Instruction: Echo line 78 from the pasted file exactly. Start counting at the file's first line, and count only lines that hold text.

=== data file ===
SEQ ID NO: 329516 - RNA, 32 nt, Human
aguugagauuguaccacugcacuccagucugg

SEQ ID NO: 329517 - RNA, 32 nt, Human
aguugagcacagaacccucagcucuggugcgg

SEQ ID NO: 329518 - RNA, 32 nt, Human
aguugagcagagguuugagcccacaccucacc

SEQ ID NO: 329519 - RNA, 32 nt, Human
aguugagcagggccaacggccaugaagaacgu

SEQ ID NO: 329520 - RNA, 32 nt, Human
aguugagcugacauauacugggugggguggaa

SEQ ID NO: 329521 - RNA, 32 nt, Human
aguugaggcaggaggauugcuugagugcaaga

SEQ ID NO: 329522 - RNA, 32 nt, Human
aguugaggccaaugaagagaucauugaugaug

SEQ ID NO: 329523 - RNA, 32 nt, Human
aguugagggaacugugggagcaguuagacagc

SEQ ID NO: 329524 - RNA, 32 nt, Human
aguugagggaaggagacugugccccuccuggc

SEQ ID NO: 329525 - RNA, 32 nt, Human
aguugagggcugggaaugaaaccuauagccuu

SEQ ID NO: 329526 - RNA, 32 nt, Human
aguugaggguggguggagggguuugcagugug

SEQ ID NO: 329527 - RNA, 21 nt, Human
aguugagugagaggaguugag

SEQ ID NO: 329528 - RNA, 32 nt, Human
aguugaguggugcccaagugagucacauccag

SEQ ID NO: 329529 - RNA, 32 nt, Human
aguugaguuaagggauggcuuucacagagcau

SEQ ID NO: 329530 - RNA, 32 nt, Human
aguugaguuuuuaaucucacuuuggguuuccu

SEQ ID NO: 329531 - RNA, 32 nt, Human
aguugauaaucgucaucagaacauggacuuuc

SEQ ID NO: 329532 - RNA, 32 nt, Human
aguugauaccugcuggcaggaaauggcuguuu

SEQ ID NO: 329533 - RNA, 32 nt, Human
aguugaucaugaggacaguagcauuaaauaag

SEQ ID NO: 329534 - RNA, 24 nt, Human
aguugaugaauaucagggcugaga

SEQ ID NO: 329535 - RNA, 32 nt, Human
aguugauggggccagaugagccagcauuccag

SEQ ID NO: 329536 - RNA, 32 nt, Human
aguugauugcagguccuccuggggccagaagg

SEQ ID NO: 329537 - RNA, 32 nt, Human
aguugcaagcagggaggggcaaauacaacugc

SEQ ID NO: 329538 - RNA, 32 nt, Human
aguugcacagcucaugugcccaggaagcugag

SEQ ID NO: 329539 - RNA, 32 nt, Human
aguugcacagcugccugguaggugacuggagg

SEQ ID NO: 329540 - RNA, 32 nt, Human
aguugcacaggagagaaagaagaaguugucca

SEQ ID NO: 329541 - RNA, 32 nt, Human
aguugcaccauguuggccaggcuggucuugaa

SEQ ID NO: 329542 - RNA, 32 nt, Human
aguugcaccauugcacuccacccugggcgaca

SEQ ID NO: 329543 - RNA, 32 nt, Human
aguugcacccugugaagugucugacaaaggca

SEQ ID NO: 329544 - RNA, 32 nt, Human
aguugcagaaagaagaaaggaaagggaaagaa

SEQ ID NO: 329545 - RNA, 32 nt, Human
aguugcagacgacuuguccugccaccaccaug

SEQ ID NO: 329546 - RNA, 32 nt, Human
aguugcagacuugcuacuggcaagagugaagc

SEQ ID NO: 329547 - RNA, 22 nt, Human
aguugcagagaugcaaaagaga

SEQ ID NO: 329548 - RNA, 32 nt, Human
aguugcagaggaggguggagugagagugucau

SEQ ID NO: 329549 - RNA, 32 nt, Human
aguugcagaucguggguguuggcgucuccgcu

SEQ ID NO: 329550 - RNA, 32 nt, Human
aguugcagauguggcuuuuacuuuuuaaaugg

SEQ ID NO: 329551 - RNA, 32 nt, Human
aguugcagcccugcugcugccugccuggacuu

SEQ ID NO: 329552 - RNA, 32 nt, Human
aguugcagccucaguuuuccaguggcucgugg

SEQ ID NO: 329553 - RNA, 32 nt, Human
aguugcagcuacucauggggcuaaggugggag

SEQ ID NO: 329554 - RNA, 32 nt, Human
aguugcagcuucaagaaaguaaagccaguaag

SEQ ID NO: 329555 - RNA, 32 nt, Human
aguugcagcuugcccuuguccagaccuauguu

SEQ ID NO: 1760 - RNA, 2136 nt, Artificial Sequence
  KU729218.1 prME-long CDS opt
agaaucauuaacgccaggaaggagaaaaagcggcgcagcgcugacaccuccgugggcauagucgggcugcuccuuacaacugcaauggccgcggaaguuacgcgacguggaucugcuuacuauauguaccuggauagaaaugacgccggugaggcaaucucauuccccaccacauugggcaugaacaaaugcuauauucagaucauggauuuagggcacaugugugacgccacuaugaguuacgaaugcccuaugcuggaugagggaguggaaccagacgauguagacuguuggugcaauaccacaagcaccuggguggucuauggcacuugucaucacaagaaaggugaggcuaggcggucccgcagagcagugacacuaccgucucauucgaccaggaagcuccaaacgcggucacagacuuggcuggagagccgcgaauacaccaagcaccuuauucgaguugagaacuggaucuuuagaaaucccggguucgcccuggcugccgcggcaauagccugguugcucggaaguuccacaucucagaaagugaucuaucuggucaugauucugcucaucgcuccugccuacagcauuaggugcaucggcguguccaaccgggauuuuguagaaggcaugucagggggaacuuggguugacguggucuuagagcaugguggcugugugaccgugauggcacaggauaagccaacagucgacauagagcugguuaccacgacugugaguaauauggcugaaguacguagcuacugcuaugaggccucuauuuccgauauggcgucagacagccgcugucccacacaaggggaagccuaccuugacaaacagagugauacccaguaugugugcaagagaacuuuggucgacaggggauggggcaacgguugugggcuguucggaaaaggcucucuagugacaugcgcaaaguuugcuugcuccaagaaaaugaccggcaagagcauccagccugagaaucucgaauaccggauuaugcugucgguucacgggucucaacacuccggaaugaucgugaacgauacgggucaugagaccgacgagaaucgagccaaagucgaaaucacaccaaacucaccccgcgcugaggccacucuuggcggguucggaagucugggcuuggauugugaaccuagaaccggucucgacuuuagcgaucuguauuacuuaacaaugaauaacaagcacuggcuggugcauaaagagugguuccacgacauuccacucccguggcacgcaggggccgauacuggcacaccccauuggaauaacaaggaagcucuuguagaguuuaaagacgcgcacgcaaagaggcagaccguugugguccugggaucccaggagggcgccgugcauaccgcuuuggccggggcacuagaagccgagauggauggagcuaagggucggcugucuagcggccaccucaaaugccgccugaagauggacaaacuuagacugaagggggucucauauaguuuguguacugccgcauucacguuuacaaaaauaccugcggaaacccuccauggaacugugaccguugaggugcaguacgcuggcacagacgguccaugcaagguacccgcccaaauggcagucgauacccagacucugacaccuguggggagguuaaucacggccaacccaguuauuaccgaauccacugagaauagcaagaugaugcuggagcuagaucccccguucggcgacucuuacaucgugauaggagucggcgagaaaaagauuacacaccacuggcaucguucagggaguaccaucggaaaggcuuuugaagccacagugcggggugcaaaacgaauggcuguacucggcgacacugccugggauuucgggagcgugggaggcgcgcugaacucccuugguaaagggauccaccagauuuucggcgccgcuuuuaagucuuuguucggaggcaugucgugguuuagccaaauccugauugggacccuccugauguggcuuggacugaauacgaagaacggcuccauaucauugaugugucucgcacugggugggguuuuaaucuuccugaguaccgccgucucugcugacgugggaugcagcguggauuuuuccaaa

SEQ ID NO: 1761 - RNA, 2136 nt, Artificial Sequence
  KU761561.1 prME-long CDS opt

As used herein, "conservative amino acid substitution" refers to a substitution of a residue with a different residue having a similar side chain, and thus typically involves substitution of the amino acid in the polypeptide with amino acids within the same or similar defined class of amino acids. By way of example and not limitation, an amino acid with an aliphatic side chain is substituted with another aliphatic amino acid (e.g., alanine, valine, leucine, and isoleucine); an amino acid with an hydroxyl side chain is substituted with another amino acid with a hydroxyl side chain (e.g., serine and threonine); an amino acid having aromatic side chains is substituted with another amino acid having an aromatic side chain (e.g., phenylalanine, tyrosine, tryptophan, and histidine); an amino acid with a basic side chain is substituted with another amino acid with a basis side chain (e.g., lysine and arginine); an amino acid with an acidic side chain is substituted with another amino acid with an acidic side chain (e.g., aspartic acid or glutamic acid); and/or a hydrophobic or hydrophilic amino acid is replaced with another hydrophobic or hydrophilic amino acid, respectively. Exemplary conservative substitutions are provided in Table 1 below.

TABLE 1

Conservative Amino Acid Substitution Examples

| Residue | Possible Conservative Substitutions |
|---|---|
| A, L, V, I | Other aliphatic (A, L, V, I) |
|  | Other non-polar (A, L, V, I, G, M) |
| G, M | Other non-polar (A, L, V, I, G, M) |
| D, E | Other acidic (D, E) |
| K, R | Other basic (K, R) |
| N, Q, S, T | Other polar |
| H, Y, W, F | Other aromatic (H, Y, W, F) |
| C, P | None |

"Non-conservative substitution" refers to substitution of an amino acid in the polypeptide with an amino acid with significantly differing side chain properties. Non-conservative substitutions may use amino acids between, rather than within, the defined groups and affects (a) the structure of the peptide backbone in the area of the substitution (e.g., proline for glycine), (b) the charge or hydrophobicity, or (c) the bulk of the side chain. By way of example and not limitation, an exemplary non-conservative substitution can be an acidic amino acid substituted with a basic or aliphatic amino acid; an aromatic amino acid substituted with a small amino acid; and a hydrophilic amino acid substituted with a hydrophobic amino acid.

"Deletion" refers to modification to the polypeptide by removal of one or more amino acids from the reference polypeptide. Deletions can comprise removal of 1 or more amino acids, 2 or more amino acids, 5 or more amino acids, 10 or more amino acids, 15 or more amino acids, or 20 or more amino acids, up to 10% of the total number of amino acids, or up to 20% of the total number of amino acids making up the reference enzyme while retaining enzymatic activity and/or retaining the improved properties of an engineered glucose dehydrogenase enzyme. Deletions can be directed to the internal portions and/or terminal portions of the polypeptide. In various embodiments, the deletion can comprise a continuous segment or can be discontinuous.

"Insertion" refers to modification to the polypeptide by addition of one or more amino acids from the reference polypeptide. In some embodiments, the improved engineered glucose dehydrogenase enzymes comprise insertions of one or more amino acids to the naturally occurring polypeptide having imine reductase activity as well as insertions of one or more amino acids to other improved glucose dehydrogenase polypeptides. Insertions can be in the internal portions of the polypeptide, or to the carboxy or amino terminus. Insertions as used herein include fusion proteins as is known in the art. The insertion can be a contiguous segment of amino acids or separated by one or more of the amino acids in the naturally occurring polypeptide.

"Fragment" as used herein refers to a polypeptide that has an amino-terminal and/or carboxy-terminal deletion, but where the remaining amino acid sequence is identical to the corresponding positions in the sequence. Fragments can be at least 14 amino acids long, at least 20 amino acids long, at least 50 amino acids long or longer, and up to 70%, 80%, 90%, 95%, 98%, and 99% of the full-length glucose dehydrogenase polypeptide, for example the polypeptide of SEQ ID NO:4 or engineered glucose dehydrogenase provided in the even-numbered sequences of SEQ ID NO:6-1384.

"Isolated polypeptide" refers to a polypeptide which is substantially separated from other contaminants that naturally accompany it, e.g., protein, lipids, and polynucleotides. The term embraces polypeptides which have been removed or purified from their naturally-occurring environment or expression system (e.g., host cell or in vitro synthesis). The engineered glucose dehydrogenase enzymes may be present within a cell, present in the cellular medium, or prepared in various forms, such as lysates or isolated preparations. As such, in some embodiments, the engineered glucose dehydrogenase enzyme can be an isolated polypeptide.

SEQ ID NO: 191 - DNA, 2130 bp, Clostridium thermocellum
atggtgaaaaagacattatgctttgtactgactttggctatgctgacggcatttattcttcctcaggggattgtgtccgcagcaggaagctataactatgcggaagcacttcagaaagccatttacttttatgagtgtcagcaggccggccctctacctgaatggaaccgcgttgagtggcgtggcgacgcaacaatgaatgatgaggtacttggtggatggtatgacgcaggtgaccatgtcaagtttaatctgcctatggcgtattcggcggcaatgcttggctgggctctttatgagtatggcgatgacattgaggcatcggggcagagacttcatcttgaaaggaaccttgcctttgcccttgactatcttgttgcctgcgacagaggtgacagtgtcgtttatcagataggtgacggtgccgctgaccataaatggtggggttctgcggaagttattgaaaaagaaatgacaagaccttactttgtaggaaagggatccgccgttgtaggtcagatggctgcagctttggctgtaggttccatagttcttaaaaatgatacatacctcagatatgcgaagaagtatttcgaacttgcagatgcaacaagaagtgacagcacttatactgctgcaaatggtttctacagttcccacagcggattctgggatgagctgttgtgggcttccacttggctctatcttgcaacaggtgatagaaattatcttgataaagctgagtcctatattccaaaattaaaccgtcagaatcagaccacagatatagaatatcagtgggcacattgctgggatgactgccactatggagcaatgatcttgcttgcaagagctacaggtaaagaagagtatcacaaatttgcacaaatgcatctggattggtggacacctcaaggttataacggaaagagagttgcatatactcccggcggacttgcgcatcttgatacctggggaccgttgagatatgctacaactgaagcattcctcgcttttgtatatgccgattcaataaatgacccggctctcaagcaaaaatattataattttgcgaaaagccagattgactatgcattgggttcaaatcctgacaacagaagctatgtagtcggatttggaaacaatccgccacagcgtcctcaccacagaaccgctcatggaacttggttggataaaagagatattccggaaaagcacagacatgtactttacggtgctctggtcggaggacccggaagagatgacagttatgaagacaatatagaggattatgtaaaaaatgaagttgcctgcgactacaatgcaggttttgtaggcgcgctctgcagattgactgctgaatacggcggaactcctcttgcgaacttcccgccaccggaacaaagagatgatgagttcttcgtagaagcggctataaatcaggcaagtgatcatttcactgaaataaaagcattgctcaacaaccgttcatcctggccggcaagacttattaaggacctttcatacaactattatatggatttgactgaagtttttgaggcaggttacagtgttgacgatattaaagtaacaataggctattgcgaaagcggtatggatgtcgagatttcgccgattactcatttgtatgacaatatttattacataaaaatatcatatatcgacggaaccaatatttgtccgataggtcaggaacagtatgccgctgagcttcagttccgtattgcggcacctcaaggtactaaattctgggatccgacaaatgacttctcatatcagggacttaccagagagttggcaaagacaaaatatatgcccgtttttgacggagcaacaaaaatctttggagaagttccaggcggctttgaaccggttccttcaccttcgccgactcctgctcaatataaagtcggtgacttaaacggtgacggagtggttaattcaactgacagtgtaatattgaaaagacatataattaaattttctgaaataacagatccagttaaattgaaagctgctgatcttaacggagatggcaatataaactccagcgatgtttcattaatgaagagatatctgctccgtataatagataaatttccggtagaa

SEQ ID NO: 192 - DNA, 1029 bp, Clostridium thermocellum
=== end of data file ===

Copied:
aguugcagcuucaagaaaguaaagccaguaag